Such encounters are a little awkward becuase the relationship is passive, and you don't really know what to do with it. Maybe something might come of it, but for now you wouldn't want to go on vacation with this person, and you might avoid a lunch date, too.

This passive relationship issue is everywhere. Some people have nothing but passive relationships. Worse, many married couples find themselves stuck in a passive state. They are cordial and nice, but they never really empower each other. That means that lots of kids grow up in homes where they never see or experience true connection.

DOn't get me wrong. Life is full of cordial surface relationships, and that's normal. We shouldn't be rude and ignore people, and we shouldn't force everyone to be our best friends.

But there's a different kind of relationship that I think is God's plan for diamond polishing. I call it "power relationship," or a dynamic connection. God designed us to connect with HIm by the power of the Holy Spirit, and it's the power of that connectivity that changes our lives. He gives us power through His relationship with us, and we change.

The same type of thing happens between people. When people learn to powerfully connect with other people in family, in close friendships, and in a body of believers, they establish life-giving, possitive relationships that empower them in their spirits to be everything God wants them to be.

So to stomp the living daylights out of the old sin nature, you need both a vibrant personal relationship with God and vibrant connectivity with others in the body of believers. This is what a life giving church is! It's an ecclesia-a gathering together of the brethren. It's how we strenghten one another to live life and fulfill our purposes.

Men have the desire to have men friends, and woman have the desire to have women friends. Groups of people love gettting together and engaging one another. There is supernatural strength in loyal, faithful friends, and that strength helps human beings become everything God created them to be.

I am mentioning this because you may be a person who loves God with all of your heart, and yet you live a disconnected life. One way to measure this is to ask yourself, "Are there nights when I wake up scared and lonely and don't have anybody to share those feelings with?" The times when you have sobbed the most deeply, have you sobbed alone? The times when you have become insecure and wondered about your own adequacy, was there no one to talk with because you feared that if someone really got to know you, he or she would reject you?

If that decribes your life, I want you to know it's not GOd's plan for you. He wants you connected to Him in a loving, vibrant relationship, and He wants you connected to others.

....In powerful, dynamic relationships, people will invest in one another's lives so significantly that the greatest fear won't win, the besetting sin won't conquer.

I've observed that it's possible to spend years in a church and never really connect. Sure, it's important to get together in a large group to worship, learn and share sacrements. But if we stop with that, we miss the point: Fellowship with God and connectivity with one another exist so that we can empower one another for the perfect plan God has for us.

So just what did Paul mean when he said we should "gently" restore those caught in sin (Gal. 6:1)? He meant that when you find somebody in trouble, if you are dealing with your old sin nature in prayer, are being filled with the Holy Spirit, are growing in faith, and have vital connections to God and other believers, you can reach into the life of someone who needs help and pull that person up so that his strengths-not his afflicting weaknesses-define his life.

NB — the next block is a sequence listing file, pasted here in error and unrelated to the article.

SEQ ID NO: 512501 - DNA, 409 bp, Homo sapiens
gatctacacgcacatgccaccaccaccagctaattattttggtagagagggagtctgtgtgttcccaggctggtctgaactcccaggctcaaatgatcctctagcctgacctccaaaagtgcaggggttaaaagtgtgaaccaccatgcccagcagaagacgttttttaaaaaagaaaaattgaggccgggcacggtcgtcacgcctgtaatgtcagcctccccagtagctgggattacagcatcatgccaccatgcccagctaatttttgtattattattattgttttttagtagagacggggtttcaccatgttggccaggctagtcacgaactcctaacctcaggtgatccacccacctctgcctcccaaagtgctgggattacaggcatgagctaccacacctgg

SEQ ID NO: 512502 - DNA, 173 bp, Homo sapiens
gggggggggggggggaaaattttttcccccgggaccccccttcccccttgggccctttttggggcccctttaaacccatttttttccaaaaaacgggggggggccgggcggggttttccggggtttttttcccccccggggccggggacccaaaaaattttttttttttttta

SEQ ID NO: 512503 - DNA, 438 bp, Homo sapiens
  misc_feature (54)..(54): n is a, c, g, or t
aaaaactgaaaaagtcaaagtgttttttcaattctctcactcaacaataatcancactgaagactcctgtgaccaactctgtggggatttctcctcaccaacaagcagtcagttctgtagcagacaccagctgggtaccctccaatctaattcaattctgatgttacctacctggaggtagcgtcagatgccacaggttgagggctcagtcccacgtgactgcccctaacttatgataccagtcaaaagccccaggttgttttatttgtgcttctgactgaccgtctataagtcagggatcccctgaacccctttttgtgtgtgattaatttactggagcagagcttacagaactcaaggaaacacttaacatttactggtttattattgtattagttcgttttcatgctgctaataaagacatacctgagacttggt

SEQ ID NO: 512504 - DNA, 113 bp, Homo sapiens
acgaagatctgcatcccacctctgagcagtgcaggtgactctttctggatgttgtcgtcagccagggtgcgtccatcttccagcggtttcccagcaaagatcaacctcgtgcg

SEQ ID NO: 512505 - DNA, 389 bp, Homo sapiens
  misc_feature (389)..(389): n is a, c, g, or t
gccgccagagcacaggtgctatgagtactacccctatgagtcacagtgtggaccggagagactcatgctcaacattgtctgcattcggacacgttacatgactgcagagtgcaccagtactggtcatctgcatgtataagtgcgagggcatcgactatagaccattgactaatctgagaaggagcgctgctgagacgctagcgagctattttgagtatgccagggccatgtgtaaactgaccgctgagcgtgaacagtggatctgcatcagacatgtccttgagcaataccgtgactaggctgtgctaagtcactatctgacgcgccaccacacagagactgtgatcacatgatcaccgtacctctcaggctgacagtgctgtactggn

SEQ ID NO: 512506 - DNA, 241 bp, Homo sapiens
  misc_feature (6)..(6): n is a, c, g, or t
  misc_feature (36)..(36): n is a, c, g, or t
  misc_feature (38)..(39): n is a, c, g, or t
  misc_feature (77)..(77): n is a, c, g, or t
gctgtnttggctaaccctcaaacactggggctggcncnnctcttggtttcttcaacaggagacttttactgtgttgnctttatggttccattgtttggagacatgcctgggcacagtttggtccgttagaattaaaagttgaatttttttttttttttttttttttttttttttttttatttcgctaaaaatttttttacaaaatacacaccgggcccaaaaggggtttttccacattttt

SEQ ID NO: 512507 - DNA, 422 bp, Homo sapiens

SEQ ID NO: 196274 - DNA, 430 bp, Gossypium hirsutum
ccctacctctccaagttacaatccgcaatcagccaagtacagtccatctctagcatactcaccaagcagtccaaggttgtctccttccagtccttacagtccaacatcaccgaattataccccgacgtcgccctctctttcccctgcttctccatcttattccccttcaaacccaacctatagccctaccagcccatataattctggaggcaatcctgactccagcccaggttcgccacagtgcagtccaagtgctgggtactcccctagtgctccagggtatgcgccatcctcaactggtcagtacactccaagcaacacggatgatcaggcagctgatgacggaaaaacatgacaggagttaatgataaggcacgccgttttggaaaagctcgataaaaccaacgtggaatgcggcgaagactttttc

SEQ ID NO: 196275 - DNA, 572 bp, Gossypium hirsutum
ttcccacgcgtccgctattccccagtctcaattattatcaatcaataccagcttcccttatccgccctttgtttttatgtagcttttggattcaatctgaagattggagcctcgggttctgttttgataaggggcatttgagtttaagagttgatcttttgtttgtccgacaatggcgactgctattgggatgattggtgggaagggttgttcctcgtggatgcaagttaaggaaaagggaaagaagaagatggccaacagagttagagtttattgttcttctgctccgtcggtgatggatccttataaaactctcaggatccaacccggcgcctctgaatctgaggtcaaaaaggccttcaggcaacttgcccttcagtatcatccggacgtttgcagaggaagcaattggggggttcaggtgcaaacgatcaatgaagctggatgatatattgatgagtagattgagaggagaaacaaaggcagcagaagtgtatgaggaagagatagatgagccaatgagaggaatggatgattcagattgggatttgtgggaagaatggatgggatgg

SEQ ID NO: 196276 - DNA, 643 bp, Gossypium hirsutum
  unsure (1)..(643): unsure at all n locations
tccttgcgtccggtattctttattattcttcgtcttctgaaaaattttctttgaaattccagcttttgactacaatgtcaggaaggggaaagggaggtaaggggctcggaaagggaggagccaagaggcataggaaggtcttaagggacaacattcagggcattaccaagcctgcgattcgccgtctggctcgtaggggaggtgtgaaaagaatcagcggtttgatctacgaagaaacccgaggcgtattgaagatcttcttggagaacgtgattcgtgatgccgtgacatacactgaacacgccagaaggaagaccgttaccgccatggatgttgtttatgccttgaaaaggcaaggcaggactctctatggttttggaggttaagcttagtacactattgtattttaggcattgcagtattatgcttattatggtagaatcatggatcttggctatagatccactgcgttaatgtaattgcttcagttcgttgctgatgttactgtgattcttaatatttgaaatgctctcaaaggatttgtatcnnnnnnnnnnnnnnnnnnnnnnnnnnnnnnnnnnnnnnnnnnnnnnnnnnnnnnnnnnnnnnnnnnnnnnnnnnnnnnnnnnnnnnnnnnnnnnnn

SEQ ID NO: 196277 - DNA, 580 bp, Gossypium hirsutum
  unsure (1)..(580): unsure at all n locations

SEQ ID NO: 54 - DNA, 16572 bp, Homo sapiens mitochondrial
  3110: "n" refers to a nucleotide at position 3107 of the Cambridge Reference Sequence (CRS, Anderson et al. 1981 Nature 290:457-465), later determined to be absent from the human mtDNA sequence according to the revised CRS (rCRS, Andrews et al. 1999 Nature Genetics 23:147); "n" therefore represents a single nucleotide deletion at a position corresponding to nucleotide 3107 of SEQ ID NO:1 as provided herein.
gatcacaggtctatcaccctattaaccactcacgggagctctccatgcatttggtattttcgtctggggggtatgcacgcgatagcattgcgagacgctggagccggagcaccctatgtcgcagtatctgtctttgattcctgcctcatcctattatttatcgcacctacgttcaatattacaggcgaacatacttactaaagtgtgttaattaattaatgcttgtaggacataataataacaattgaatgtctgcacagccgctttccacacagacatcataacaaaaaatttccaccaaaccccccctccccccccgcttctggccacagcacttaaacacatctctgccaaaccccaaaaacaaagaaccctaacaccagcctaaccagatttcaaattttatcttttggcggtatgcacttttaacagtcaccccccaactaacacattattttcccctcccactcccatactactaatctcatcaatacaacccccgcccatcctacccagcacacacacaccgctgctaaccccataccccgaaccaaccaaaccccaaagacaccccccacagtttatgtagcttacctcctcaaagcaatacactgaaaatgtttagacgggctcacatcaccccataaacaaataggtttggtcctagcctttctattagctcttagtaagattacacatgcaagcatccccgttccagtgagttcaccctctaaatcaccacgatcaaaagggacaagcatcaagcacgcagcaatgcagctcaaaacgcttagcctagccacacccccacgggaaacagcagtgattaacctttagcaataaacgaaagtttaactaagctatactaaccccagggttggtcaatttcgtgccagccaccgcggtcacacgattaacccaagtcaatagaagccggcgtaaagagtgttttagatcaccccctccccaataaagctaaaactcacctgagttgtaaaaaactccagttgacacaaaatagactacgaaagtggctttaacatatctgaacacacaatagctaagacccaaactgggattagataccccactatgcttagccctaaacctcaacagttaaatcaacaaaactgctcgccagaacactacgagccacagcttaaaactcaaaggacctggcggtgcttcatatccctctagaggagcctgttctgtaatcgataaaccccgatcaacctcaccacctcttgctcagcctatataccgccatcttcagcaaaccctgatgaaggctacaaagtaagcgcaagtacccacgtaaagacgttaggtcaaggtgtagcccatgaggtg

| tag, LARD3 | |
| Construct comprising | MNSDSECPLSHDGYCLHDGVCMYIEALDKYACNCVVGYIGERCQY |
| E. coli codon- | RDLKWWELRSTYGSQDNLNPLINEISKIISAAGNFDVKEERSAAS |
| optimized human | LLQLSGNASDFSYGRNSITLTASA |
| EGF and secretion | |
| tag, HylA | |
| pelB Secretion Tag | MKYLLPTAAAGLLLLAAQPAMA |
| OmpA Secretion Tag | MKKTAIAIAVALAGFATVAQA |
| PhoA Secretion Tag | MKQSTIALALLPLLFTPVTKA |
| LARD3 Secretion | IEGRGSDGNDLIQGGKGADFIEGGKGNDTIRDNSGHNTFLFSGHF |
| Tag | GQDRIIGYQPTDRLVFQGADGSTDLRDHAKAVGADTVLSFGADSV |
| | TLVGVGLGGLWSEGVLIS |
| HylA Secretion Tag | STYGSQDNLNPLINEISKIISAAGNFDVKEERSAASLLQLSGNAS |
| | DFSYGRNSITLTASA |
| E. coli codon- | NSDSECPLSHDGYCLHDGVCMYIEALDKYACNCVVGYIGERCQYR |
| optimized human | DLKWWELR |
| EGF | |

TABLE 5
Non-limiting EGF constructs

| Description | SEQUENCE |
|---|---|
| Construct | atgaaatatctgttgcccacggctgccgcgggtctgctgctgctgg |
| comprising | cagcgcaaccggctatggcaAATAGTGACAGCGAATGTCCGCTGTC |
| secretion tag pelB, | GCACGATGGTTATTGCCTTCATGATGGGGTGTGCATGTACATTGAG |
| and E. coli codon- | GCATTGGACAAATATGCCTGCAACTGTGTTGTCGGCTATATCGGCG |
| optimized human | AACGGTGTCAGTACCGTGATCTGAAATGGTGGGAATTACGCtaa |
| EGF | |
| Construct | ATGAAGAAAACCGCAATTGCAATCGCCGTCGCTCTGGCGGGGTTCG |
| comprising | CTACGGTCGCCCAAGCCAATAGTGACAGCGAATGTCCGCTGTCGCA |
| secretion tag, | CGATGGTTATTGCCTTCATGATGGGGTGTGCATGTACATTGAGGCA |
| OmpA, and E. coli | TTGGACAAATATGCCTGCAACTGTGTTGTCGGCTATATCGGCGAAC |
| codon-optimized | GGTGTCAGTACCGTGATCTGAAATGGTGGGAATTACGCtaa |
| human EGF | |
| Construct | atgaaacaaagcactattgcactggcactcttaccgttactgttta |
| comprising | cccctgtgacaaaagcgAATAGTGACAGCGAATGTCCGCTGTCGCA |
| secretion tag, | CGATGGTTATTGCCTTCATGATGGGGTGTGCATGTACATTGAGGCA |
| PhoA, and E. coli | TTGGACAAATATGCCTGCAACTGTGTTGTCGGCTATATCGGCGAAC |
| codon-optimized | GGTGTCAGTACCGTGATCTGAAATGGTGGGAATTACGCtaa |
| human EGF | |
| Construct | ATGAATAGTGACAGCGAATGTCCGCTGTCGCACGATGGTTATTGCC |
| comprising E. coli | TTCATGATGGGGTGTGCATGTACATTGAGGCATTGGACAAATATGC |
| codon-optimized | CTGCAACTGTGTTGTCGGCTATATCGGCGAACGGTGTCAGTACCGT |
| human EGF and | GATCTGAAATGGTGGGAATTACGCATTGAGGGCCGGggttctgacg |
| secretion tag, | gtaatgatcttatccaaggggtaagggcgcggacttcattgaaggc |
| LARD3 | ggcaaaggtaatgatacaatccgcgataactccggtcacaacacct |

Paul also said that we need to do this with great humility, avoiding conceit. It's another take on Jesus's idea of always taking the log out of one's own eye before taking the splinter out of someone else's eye. If we are not careful, we will see people struggling and think, Man, I am living a pretty good life. I am doing all right. Look at all these other poor struggleers-they're really messing up!

Paul says, "Don't do that. Don't compare yourselves iwth others. It's not relevant, and it doesn't accomplish anything positive. It will just make you conceited, which means you, too, will soon be messingl up."

Instead we should test our own actions (see Gal. 6:4) by comparing ourselves to where God wants us to be. This will keep us healthy and strong.

How do we gauge whether we are connecting with others? We know we're doing it when...
-we have a good group of friends around us.
-we know how to pray for one another
-we know how to protect and edify one another
-we know how to grow old together
-we know how to encourage and coach one another
-we know how to keep distance when distance is right, and how to be close when close is right.
-we have learned the skills of good living

In the midst of that kind of life, when someone gets in trouble, rather than saying, "Oh, what is she doing? She must not have it together," we are able to say, "I want to help. I can give her some strength. I can connect with her in this. I can share her suffering. I can cry with her if she needs somebody to cry with. I can love her when she needs somebody to love her. I can be faithful to her when she needs somebody to be faithful to her. I can connect with her and help her overcome these difficulties."

When you connect with people and infuse them with strength, life, joy, and peace, you are finding the diamond inside of them. You are choosing to chip away at the outer crust to find the diamond instead of the crud, highlighting the good instead of focusing on the dirty sin parts.